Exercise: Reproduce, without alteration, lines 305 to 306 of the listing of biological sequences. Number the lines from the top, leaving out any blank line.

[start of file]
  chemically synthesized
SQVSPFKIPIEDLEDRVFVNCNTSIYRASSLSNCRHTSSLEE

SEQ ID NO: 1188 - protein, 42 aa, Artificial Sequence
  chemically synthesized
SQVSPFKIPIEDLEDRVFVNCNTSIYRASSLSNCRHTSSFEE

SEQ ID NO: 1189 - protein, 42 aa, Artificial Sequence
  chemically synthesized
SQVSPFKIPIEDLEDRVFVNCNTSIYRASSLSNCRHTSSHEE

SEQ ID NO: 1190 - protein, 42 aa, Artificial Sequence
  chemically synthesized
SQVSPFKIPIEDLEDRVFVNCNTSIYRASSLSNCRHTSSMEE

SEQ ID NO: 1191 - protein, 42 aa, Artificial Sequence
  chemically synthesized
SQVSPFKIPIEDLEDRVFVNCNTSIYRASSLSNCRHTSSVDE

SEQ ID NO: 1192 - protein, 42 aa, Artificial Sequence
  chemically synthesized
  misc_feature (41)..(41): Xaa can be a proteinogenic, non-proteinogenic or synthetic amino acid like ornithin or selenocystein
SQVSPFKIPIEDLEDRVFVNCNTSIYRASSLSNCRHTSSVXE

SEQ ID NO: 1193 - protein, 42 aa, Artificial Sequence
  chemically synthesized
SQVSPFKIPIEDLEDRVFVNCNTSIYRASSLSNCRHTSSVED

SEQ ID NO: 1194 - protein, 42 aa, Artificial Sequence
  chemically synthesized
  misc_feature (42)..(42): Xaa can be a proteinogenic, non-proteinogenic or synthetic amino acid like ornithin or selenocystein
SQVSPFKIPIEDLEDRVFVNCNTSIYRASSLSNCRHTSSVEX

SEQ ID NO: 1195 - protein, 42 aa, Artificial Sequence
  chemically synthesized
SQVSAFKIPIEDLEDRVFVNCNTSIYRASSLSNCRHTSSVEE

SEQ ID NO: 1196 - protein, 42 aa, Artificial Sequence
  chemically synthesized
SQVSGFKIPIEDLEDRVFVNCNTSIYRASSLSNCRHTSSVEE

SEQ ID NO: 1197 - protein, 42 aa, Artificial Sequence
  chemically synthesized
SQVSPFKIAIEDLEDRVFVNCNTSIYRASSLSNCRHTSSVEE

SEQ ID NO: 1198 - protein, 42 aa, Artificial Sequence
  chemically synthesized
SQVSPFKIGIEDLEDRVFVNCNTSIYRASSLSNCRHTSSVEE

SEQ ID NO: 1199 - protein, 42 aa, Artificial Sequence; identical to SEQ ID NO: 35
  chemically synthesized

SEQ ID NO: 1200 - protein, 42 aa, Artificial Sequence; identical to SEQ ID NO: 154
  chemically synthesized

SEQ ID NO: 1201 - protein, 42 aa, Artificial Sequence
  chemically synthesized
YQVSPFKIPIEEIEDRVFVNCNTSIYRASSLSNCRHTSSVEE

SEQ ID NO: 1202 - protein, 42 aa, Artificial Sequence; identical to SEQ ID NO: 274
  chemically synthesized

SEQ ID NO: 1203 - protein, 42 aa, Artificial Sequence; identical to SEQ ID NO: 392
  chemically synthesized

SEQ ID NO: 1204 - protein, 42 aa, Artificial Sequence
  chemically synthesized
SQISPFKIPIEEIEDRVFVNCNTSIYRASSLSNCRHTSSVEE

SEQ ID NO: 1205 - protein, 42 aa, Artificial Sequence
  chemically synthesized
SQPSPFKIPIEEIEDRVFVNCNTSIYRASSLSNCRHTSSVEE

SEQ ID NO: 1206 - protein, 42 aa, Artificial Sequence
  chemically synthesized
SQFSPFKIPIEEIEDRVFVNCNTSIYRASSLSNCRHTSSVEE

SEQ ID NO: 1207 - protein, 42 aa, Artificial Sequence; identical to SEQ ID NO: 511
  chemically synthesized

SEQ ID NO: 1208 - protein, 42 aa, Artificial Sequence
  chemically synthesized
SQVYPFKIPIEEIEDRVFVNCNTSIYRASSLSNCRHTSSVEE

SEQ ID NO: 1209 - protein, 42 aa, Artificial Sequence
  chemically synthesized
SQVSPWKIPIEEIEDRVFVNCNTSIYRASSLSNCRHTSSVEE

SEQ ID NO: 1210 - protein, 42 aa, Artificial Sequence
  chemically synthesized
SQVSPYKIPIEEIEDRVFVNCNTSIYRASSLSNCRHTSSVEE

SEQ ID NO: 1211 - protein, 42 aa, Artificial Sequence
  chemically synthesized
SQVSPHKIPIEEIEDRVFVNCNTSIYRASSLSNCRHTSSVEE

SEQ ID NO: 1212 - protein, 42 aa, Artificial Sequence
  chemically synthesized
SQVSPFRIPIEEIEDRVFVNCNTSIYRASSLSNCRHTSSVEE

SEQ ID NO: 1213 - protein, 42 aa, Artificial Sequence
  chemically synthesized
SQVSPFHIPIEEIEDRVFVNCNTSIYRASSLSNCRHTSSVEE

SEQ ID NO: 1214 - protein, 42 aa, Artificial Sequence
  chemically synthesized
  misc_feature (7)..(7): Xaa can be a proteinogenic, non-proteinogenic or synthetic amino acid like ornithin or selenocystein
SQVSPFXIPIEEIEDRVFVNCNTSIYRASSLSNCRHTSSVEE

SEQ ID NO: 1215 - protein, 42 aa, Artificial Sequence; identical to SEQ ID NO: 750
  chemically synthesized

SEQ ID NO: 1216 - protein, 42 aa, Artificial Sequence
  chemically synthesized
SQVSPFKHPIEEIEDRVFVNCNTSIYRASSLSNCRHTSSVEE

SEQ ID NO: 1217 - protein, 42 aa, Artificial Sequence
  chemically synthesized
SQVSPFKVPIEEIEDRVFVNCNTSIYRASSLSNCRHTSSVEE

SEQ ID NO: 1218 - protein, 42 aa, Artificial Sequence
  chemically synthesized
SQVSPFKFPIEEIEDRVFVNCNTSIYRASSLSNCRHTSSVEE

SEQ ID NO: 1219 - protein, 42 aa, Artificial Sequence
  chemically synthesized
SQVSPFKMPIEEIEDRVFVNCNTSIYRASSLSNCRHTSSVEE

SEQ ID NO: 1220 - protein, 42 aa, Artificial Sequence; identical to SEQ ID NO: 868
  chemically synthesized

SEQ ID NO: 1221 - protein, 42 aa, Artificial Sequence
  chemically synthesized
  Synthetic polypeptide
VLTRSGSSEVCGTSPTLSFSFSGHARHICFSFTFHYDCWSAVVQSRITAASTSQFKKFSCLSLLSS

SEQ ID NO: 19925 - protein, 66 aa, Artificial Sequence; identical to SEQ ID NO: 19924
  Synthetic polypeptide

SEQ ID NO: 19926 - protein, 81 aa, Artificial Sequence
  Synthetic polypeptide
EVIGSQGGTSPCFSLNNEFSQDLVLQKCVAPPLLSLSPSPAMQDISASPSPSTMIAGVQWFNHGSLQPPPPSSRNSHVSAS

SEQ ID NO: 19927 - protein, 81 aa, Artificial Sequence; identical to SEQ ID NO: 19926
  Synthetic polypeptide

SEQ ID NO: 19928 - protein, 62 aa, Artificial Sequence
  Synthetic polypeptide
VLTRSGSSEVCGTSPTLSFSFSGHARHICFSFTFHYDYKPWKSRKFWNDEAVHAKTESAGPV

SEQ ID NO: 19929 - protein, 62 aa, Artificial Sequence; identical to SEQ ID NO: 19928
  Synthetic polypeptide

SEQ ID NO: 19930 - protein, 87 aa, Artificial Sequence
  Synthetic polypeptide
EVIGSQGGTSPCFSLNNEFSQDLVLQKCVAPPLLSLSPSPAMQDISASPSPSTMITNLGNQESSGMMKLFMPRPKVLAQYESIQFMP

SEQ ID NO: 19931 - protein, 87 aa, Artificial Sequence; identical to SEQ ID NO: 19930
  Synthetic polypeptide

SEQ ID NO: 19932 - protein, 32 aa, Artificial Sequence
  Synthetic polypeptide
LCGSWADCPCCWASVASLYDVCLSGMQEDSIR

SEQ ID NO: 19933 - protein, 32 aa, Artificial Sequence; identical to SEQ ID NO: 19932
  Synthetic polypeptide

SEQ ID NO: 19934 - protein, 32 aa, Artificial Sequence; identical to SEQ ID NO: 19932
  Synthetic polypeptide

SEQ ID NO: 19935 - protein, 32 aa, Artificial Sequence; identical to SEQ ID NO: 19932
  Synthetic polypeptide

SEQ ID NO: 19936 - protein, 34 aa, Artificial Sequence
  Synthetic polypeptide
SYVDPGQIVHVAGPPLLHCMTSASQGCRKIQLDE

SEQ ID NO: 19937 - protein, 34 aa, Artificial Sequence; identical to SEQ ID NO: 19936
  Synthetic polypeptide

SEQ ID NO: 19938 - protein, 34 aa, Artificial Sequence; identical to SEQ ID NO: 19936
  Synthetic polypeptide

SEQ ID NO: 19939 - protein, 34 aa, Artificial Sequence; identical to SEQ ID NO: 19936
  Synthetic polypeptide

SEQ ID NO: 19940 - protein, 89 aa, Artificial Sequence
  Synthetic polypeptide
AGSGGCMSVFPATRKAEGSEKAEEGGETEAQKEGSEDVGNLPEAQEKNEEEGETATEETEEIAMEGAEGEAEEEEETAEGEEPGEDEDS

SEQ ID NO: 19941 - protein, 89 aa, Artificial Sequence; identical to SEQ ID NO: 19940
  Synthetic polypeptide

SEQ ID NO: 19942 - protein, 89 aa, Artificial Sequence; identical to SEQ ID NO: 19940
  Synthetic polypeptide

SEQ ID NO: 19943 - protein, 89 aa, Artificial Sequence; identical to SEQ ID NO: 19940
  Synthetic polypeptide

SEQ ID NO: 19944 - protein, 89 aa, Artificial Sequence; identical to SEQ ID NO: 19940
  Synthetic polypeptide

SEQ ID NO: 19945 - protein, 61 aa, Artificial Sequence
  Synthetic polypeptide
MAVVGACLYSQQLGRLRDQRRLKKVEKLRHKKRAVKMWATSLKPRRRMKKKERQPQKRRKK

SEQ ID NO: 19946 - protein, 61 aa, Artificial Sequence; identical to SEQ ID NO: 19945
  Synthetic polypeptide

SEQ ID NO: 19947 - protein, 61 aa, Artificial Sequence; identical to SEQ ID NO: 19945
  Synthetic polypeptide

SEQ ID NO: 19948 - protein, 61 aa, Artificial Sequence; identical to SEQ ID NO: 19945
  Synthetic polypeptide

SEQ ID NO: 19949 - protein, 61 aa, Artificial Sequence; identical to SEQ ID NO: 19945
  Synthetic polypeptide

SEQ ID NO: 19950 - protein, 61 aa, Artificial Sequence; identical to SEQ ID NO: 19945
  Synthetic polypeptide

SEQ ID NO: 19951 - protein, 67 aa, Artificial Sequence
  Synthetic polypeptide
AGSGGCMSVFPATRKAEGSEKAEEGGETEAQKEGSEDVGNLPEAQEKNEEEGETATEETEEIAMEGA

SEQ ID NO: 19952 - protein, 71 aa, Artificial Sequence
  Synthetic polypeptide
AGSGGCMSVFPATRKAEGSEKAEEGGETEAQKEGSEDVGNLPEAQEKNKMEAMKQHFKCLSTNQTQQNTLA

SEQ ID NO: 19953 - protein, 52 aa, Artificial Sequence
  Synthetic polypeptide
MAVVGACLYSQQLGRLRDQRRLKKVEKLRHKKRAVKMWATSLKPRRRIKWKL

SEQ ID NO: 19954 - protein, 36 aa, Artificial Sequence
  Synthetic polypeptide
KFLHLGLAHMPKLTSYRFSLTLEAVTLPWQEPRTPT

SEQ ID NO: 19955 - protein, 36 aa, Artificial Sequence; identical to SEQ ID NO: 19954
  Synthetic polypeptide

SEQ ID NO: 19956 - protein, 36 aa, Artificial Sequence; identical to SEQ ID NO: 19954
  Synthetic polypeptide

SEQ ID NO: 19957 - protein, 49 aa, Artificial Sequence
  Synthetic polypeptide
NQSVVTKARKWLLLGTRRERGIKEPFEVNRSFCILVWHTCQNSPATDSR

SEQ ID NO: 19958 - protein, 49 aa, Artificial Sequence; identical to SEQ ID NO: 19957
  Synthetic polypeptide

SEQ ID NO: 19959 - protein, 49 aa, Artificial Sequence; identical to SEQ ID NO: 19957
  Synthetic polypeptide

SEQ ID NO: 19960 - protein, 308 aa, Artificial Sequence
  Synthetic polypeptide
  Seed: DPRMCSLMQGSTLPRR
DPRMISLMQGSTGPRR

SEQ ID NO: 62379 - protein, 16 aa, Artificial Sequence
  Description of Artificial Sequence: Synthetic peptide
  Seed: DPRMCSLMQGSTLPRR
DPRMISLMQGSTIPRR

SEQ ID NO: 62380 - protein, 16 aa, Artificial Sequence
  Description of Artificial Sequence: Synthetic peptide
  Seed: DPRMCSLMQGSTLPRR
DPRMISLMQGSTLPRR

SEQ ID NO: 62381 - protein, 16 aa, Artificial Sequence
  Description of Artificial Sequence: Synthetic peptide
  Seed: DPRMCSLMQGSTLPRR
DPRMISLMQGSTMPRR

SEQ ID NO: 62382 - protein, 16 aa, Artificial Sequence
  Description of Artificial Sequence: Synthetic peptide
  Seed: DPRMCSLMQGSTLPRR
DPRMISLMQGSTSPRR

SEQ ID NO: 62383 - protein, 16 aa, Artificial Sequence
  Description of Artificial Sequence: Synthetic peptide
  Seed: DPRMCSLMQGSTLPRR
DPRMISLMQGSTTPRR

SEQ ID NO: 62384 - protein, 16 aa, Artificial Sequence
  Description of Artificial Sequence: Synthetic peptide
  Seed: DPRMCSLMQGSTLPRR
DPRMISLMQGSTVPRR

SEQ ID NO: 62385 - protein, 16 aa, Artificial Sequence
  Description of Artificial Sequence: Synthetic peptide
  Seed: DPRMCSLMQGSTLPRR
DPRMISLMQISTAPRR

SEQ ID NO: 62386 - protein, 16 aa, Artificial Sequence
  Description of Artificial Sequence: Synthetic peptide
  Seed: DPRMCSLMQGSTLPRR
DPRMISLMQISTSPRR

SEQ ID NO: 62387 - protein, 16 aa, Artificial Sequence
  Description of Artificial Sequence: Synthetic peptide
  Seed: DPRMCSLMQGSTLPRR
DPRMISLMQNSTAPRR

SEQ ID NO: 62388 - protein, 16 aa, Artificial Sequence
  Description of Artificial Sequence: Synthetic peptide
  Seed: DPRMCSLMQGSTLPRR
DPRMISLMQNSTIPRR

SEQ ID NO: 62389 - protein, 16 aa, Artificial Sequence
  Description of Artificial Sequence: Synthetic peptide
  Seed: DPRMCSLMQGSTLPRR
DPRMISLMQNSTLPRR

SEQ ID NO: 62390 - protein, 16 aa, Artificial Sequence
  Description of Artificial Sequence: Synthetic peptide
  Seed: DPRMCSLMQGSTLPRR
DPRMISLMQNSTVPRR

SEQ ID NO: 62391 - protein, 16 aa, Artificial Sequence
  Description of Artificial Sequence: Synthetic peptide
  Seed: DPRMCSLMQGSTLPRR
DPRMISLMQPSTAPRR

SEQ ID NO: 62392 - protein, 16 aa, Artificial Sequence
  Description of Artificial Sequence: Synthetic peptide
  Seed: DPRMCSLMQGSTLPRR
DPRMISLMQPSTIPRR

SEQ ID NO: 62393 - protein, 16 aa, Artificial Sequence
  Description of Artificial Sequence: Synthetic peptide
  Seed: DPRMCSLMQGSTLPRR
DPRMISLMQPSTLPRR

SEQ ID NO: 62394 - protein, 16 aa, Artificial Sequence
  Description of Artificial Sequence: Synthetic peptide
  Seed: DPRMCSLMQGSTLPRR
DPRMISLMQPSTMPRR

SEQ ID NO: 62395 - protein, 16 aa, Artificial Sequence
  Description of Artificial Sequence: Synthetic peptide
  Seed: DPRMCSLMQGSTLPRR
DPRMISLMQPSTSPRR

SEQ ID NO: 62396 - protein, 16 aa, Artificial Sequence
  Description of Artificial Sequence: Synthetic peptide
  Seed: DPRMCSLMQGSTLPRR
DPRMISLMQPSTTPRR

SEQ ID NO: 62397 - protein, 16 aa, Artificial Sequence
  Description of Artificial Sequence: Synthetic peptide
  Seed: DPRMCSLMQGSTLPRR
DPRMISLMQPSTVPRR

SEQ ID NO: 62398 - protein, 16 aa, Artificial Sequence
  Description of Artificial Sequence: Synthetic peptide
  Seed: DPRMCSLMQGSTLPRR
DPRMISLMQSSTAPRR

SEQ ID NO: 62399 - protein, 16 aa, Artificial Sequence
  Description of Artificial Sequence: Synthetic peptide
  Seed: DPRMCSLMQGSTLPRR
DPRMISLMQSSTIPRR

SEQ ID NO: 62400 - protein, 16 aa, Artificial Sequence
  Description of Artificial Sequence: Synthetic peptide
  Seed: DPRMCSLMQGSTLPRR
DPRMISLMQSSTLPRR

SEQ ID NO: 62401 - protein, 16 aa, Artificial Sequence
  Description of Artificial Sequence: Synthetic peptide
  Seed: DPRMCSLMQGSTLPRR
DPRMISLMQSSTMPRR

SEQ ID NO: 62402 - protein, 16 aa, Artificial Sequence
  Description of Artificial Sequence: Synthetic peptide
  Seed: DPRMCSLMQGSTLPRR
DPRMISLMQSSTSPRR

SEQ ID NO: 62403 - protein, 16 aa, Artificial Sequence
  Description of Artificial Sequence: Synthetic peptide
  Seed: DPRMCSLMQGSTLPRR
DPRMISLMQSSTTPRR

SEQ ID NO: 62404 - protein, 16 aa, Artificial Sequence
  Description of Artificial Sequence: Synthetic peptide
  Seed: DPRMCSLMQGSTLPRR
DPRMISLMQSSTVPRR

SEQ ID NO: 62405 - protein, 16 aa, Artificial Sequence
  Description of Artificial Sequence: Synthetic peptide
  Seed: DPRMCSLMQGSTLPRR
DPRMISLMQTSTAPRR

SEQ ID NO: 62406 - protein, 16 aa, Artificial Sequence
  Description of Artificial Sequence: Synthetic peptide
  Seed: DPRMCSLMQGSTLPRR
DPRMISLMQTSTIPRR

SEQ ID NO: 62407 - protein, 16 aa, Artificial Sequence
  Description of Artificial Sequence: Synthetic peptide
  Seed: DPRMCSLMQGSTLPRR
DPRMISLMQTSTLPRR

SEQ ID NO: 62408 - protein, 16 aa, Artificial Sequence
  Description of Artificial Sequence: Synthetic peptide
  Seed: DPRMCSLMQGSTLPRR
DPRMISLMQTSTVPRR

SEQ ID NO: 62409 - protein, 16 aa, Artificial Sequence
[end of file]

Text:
  Description of Artificial Sequence: Synthetic peptide
  Seed: DPRMCSLMQGSTLPRR